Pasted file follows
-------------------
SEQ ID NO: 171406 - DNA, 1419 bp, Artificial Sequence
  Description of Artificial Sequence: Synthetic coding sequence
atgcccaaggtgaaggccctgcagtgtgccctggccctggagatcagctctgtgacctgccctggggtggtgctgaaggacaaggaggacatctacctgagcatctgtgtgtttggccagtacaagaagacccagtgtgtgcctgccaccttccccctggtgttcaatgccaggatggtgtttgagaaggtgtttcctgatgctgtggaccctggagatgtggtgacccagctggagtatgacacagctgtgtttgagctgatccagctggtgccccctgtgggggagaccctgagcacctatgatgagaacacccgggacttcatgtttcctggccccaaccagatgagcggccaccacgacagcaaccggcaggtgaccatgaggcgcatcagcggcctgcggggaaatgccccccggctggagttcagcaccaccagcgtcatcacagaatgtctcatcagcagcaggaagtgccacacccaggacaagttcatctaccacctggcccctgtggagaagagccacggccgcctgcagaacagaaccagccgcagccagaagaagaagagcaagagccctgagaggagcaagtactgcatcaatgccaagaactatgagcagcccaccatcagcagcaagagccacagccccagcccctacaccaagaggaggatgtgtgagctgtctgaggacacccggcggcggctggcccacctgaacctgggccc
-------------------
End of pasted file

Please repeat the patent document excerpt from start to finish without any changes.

SEQ ID NO: 171406 - DNA, 1419 bp, Artificial Sequence
  Description of Artificial Sequence: Synthetic coding sequence
atgcccaaggtgaaggccctgcagtgtgccctggccctggagatcagctctgtgacctgccctggggtggtgctgaaggacaaggaggacatctacctgagcatctgtgtgtttggccagtacaagaagacccagtgtgtgcctgccaccttccccctggtgttcaatgccaggatggtgtttgagaaggtgtttcctgatgctgtggaccctggagatgtggtgacccagctggagtatgacacagctgtgtttgagctgatccagctggtgccccctgtgggggagaccctgagcacctatgatgagaacacccgggacttcatgtttcctggccccaaccagatgagcggccaccacgacagcaaccggcaggtgaccatgaggcgcatcagcggcctgcggggaaatgccccccggctggagttcagcaccaccagcgtcatcacagaatgtctcatcagcagcaggaagtgccacacccaggacaagttcatctaccacctggcccctgtggagaagagccacggccgcctgcagaacagaaccagccgcagccagaagaagaagagcaagagccctgagaggagcaagtactgcatcaatgccaagaactatgagcagcccaccatcagcagcaagagccacagccccagcccctacaccaagaggaggatgtgtgagctgtctgaggacacccggcggcggctggcccacctgaacctgggccc